Renminbi assets could serve as an attractive alternative for investors looking for a risk-off environment in a new normal where Russian banks are excluded from US dollar trading, however they would have to tread this line very carefully, investors and economists told AsianInvestor.
Following what some have dubbed the “financial nuclear bomb” whereby the European Union has banned several Russian banks from the Society for Worldwide Interbank Financial Telecommunication (SWIFT) network of cross-border payments, analysts have speculated that the move could be good news for a China looking to internationalise its currency.
However, they say that amid rising inflation and geopolitical shocks, a question mark still hangs over the wisdom of adding positions in renminbi assets at a time when Russia is looking for alternative partners.
Despite the slew of wealth taxes announced in the 2022 Singapore budget, family offices are unperturbed as the ultra wealthy continue to be drawn by other factors such as political and currency stability, high living standards, and accessibility to regional investment opportunities.
The impact of the recent tax measures on properties, luxury cars, and top earners announced in February was “measured and “not significant”.
Family offices are unlikely to be affected by the property tax hikes since most of them own one residential property for personal use. They are also deterred from buying multiple properties because of the high additional buyer’s stamp duty, which can be as steep as 30% for foreigners and permanent residents depending on the number of properties purchased.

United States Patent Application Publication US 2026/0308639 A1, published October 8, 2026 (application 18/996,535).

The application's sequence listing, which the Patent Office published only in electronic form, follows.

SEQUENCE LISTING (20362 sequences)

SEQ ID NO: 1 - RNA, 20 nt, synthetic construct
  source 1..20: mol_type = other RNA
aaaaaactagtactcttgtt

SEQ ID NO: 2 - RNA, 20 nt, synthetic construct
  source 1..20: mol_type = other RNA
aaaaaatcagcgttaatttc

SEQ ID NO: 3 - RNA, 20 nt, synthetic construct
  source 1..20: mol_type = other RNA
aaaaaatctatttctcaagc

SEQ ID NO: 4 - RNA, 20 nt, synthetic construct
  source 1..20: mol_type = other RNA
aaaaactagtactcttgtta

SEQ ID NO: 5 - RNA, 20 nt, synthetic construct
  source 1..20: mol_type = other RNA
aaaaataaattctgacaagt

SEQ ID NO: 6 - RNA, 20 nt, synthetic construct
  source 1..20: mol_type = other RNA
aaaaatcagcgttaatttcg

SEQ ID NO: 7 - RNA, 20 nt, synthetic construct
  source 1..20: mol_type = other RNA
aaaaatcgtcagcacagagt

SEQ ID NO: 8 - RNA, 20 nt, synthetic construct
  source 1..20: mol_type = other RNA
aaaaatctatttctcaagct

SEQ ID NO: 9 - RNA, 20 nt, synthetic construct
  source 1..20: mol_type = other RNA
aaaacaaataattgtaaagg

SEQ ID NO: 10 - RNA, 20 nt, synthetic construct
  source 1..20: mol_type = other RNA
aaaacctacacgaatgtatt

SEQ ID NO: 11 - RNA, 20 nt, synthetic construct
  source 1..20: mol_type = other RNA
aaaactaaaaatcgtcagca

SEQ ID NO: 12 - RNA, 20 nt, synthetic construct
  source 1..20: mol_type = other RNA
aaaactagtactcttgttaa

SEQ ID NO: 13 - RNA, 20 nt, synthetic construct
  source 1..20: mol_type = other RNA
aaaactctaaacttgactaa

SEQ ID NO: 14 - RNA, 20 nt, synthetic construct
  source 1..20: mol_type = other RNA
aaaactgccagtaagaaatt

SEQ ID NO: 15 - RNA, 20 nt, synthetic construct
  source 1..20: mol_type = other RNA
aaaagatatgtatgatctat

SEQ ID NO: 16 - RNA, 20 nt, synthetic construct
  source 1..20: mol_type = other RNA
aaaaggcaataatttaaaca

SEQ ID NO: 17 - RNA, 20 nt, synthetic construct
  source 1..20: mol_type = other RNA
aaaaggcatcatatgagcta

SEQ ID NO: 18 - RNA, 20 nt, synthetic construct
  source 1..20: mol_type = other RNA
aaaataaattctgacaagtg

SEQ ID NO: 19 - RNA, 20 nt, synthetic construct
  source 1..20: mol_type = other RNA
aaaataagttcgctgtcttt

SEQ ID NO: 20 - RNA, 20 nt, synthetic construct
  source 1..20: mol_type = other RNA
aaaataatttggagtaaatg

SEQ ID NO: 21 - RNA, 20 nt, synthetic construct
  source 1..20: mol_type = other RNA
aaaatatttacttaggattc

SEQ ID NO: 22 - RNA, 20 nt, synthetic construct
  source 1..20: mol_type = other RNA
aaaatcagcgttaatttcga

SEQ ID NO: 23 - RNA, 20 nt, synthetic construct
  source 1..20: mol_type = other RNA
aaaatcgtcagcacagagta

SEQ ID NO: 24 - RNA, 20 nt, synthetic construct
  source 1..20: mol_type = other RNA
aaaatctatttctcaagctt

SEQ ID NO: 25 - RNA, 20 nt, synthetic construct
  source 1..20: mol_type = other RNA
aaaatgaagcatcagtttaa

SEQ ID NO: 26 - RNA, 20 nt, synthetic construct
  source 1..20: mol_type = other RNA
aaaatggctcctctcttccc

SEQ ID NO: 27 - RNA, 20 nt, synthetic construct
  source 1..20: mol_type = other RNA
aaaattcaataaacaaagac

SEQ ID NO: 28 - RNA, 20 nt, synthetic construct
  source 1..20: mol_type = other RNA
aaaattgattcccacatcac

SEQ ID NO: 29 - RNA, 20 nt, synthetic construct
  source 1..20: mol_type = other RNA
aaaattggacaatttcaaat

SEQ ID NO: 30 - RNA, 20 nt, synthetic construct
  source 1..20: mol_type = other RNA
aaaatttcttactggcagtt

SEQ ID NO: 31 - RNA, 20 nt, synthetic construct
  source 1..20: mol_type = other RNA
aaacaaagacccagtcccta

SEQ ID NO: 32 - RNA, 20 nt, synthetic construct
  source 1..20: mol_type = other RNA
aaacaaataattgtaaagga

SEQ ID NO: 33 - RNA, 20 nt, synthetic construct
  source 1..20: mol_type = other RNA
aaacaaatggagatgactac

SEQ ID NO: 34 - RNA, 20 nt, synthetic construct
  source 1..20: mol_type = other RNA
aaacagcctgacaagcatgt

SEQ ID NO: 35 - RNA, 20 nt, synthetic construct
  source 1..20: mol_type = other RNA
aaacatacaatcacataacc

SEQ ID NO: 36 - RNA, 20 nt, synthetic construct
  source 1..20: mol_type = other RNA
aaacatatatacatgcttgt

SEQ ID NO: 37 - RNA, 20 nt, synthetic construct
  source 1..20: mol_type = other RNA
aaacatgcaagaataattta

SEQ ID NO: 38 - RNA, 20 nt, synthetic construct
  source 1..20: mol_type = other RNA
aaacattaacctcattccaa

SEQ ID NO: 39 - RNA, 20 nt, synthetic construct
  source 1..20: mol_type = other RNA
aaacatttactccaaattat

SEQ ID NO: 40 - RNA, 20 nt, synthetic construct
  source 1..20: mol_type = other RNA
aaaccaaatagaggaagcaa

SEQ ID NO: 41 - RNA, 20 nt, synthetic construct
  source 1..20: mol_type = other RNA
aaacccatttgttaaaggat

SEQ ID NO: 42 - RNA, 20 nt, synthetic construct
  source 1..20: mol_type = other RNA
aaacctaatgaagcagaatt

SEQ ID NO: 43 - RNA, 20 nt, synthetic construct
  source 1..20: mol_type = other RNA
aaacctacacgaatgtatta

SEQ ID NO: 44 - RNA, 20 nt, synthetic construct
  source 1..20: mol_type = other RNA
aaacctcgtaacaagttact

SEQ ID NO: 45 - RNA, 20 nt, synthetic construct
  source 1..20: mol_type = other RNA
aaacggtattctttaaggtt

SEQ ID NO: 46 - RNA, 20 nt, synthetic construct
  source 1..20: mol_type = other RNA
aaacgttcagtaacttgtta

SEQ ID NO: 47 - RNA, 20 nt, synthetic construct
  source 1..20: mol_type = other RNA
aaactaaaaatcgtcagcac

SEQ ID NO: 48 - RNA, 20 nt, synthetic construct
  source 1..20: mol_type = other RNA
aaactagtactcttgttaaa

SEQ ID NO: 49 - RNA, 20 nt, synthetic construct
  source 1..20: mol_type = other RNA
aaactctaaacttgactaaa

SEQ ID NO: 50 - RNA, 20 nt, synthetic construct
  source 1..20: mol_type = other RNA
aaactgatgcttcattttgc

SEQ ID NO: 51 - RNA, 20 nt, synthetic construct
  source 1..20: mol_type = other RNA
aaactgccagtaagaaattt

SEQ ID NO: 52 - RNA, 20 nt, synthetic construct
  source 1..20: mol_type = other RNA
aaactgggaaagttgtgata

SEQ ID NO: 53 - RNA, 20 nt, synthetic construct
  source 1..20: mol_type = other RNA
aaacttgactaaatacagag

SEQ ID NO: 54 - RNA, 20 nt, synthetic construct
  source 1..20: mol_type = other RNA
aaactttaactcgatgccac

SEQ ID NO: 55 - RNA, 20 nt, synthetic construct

AIA Group is aiming to boost infrastructure investment as much as possible globally - with a focus on Asia - saying that the asset class perfectly matches the liability of life insurers. The move will also permit it to support local development, a company spokesman said.
AIA is one of the largest life insurance companies in Asia and the infrastructure push will enable it to access projects across the region, from China, India, to Korea, Australia and Southeast Asia.
“Not only do we need to invest to provide good returns for policyholders in the region, but this is also a very good opportunity for us to contribute to local infrastructure development in the region. So local access in Asia is an important focus for us,” said Chi Zhang, AIA Group’s director of infrastructure debt investment, during AsianInvestor’s Infrastructure Investing Forum 2022 recently.
Zhang said the life insurer sees good opportunities in Asia, where local currency assets naturally fit its liabilities on the ground.
The amount raised exceeded the previously reported, unofficial target of $20 billion for the first year.
The commitments, which include a $10 billion multi-sector investment from the UAE government and a $7.5 billion maritime infrastructure investment vehicle - to invest in seaports, cargo yards, and logistic facilities - by a consortium comprising supply chain solutions company DP World and Canadian pension fund Caisse de depot et placement du Quebec (CDPQ), were secured within months of each other in 2021.
INA has also secured $5 billion in seed money from the Indonesian government and a $3.75 billion thematic fund – with contributions of $1 billion each from the Abu Dhabi Investment Authority (Adia), Dutch pension fund APG, and CDPQ, and $750 million from INA’s initial capital – for the construction of toll roads.
For most of the financial world, divesting Russian assets has become something of a badge of honour. Investors in APAC and elsewhere, meanwhile, are for the most part remaining tight-lipped.
More than half of the major global investors contacted by AsianInvestor would not reveal whether they are divesting from Russian assets - Temasek, AustralianSuper, LGIA Super, Allianz, APG, OMERS all declined to say.
AwareSuper and four New Zealand superannuation funds, however, said they were divesting.